On the face of it, Herman is an introverted street cleaner who picks up garbage on the city’s waterfront. But what nobody realises is that Herman has a secret inner life. When auditions are held for a major new film, and the city’s population is swept up in an excited creative frenzy, Herman decides to try out. But after his first audition doesn’t go so well, Herman shows the director his truly remarkable hidden talent – Herman can transform his appearance at will. Now the director wants Herman to star in her movie, but it’s not only going to cost Herman his job, it’s going to trigger a city wide riot.
Herman by Trade is a neatly rendered low-key meditation on art, identity, self-expression, and our relentless hunger for fame. Chris W. Kim’s sketchy monochrome artwork is impressive, and works especially well in the panels when Herman’s transformations are almost-but-not-quite lost among the melee of the crowd. It is, by turns, surreal, socially realistic, and occasionally grotesque. There’s a Commedia dell’arte influence in there as well, which is fun. However, although Kim’s decision to keep dialogue to a minimum (often as barely heard snatches of bystander dialogue) gives the story a strange silent movie aesthetic and subtly underlines Herman’s sense of personal isolation, it also creates a disconnect which makes it hard to properly enjoy the tale. There are moments when Herman by Trade feels almost like a rorshach test, and rorshach test’s can be fascinating but they can also be frustrating. With a few more words thrown in to compliment the visuals, Herman by Trade could have been the kind of thoughtful, gently paced graphic novel that is always interesting to return to from time to time and seek new interpretations. As it stands, it’s an intriguing concept that is beautifully drawn but doesn’t make the psychological impact it should. A bit of a missed opportunity.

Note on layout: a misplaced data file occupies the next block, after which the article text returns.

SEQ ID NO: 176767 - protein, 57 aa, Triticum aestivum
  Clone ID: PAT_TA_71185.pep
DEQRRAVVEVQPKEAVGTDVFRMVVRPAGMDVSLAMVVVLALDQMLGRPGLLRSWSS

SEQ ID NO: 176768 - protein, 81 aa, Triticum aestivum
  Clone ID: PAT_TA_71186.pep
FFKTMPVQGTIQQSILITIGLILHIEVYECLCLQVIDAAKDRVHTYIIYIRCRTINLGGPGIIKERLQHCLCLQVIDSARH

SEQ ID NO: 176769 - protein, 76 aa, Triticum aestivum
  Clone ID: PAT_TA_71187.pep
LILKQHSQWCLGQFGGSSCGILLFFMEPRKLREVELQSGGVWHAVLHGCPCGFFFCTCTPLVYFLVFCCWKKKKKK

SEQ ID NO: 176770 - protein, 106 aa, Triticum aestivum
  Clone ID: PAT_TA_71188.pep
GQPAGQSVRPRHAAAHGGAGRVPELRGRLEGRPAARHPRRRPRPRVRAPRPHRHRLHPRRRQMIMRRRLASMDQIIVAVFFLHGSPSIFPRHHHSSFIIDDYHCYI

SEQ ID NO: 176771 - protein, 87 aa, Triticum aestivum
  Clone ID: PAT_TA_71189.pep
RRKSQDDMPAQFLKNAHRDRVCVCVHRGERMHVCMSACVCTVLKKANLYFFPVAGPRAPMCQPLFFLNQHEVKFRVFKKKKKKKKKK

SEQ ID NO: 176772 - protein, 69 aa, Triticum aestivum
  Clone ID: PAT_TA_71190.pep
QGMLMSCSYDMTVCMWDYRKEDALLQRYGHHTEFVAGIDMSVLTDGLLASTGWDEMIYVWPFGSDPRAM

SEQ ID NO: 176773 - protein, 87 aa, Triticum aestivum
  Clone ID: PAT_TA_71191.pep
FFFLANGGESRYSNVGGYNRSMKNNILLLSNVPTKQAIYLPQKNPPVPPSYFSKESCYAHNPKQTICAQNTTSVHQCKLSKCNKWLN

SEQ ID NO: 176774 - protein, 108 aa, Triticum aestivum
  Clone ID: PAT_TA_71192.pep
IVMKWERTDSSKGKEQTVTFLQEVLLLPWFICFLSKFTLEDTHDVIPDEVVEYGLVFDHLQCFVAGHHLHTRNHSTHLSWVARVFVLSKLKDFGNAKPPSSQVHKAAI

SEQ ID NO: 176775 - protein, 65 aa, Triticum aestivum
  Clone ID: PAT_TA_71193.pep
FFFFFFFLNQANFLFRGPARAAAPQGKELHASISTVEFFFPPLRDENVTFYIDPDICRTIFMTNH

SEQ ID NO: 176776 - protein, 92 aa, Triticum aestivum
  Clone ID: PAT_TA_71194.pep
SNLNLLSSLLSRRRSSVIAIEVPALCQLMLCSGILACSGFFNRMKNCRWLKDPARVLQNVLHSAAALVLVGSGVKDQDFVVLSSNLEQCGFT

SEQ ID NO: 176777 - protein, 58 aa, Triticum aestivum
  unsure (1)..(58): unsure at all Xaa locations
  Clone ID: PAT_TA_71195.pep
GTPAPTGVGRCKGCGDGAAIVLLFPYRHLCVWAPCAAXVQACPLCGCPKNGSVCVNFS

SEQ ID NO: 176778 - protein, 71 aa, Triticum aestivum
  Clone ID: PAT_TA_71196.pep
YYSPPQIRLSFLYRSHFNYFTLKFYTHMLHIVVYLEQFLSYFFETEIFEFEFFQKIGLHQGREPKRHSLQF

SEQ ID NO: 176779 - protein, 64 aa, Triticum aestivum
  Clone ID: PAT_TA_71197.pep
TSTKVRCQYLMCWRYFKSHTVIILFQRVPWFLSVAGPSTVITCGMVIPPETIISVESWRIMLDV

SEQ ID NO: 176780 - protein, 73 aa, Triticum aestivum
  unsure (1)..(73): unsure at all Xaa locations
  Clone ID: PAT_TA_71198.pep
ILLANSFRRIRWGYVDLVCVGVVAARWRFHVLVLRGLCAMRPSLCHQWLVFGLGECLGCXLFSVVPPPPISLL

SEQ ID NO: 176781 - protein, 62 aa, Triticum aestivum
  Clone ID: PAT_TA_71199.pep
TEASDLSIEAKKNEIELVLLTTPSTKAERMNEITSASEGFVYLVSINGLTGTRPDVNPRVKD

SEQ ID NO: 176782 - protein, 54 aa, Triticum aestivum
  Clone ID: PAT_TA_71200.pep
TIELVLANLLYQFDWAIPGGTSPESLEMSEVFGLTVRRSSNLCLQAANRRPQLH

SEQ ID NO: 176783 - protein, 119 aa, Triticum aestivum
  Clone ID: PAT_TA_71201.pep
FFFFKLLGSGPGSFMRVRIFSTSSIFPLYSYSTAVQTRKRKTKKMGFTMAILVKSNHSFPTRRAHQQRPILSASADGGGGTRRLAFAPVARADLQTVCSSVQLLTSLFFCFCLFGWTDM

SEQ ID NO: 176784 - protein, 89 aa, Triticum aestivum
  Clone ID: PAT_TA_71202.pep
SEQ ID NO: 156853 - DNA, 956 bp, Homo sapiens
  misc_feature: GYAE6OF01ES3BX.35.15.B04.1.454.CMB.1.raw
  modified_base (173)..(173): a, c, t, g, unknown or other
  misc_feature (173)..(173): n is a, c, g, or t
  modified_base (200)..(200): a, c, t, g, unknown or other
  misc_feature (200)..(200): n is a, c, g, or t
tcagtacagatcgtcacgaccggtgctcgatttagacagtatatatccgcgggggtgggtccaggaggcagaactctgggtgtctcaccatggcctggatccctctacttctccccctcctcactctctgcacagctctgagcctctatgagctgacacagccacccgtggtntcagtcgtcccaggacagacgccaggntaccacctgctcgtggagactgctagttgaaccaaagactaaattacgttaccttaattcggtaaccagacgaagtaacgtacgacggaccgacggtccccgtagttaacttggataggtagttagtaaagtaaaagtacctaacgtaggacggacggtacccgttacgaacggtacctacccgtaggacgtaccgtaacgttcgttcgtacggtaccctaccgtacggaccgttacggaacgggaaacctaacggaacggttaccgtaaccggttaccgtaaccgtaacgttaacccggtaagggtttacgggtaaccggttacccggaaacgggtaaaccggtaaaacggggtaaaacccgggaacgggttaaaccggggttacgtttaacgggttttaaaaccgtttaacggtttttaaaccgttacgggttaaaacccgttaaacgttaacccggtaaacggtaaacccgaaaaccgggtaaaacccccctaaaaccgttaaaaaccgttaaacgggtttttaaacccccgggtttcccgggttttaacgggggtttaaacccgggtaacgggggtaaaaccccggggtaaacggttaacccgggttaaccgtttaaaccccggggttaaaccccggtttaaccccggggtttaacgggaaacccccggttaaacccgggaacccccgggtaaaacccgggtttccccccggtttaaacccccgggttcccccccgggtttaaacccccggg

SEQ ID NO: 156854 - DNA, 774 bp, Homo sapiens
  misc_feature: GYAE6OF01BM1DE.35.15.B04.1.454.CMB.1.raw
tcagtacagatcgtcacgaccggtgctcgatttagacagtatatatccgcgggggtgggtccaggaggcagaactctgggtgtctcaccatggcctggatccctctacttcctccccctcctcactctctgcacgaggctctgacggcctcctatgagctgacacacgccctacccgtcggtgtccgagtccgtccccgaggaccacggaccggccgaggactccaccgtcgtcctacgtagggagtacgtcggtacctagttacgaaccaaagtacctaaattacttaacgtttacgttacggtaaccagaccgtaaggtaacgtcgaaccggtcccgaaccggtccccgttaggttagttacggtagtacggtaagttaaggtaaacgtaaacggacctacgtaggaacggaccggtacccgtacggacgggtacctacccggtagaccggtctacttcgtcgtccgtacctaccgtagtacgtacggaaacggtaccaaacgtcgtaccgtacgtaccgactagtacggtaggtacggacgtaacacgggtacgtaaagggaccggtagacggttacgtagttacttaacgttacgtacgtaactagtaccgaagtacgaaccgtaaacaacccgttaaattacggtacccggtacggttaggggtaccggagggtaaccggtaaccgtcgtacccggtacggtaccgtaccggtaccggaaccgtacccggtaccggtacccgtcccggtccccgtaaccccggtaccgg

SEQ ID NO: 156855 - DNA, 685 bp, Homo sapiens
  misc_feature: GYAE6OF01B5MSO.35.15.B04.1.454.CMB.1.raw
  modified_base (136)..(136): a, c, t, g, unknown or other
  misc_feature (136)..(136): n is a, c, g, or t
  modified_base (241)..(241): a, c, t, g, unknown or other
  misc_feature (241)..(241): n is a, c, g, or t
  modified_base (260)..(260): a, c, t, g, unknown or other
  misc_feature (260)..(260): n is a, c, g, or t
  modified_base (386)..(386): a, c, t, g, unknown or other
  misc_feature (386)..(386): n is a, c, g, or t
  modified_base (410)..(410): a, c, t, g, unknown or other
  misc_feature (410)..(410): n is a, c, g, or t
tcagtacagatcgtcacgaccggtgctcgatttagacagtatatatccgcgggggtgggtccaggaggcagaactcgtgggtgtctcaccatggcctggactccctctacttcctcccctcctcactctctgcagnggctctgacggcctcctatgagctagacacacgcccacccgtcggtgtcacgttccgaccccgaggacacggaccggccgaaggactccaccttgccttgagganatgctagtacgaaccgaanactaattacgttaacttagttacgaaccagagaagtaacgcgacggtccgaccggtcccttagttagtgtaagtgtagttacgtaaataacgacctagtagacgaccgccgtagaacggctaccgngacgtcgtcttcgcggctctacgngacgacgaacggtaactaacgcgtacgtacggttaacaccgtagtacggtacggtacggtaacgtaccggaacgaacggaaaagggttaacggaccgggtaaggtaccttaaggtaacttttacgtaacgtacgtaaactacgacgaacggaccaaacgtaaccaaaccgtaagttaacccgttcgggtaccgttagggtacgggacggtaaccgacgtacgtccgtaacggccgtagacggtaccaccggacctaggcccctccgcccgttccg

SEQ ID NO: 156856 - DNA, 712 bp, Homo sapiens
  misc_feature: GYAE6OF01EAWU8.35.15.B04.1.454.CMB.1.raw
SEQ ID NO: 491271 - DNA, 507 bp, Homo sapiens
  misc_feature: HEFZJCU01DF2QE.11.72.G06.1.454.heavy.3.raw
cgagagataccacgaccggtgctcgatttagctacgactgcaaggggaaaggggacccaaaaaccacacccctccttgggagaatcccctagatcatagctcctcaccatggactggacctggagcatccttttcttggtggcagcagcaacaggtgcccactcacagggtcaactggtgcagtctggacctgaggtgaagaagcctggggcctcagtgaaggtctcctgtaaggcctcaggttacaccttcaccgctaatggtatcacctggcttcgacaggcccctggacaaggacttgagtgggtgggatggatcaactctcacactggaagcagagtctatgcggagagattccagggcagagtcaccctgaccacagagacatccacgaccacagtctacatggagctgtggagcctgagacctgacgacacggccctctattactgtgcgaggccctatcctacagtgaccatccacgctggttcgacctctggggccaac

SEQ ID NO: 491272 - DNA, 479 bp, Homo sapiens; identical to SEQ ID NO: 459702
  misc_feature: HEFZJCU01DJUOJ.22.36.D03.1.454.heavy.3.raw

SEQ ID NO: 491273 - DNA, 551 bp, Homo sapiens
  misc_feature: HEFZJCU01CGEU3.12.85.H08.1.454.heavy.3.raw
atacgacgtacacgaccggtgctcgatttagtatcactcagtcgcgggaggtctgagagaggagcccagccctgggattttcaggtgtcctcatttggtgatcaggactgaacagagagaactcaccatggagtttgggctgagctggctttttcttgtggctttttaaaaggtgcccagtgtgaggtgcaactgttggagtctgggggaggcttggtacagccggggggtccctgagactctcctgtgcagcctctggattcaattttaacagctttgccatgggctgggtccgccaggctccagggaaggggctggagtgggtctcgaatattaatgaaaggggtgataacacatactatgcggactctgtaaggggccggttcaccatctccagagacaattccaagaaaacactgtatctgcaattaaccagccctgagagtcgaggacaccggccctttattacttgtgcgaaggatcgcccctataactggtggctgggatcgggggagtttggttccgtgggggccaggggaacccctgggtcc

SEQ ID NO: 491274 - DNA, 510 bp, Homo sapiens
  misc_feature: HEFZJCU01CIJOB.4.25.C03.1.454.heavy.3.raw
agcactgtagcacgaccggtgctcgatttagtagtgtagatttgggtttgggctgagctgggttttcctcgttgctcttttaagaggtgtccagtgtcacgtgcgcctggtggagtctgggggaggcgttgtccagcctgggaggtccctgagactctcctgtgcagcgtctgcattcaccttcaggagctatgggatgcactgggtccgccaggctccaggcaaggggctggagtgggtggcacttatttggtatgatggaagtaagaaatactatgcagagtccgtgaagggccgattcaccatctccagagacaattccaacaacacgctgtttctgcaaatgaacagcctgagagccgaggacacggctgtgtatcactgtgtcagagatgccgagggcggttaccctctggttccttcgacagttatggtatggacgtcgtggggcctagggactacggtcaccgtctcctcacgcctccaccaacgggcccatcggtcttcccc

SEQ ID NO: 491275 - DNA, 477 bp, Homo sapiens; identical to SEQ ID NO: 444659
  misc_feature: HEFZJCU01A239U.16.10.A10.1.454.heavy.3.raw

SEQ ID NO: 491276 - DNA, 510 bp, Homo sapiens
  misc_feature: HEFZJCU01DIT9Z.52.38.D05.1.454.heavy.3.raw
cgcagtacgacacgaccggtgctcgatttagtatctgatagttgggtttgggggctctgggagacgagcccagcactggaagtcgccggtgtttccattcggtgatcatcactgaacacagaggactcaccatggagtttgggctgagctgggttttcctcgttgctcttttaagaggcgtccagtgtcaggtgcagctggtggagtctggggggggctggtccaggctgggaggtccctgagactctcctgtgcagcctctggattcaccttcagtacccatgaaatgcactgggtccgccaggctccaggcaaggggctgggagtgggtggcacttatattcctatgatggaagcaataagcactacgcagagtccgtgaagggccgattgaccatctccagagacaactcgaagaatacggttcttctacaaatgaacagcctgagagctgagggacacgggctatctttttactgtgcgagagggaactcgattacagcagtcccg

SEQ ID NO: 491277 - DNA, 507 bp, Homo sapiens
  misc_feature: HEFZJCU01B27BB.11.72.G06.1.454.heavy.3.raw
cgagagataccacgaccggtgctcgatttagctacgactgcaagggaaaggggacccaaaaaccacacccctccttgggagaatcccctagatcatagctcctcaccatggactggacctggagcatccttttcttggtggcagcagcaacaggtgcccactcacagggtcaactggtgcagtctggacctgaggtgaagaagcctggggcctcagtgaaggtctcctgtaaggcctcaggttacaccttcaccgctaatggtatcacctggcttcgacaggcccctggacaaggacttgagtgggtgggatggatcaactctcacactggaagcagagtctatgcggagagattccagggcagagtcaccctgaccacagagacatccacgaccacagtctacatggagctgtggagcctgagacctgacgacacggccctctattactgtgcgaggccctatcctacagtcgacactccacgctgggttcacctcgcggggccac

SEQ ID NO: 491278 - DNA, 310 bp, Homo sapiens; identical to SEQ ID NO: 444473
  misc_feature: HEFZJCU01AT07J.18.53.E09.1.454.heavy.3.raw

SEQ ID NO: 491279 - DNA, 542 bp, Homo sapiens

HERMAN BY TRADE / AUTHOR & ARTIST: CHRIS W. KIM / PUBLISHER: SELFMADEHERO / RELEASE DATE: OUT NOW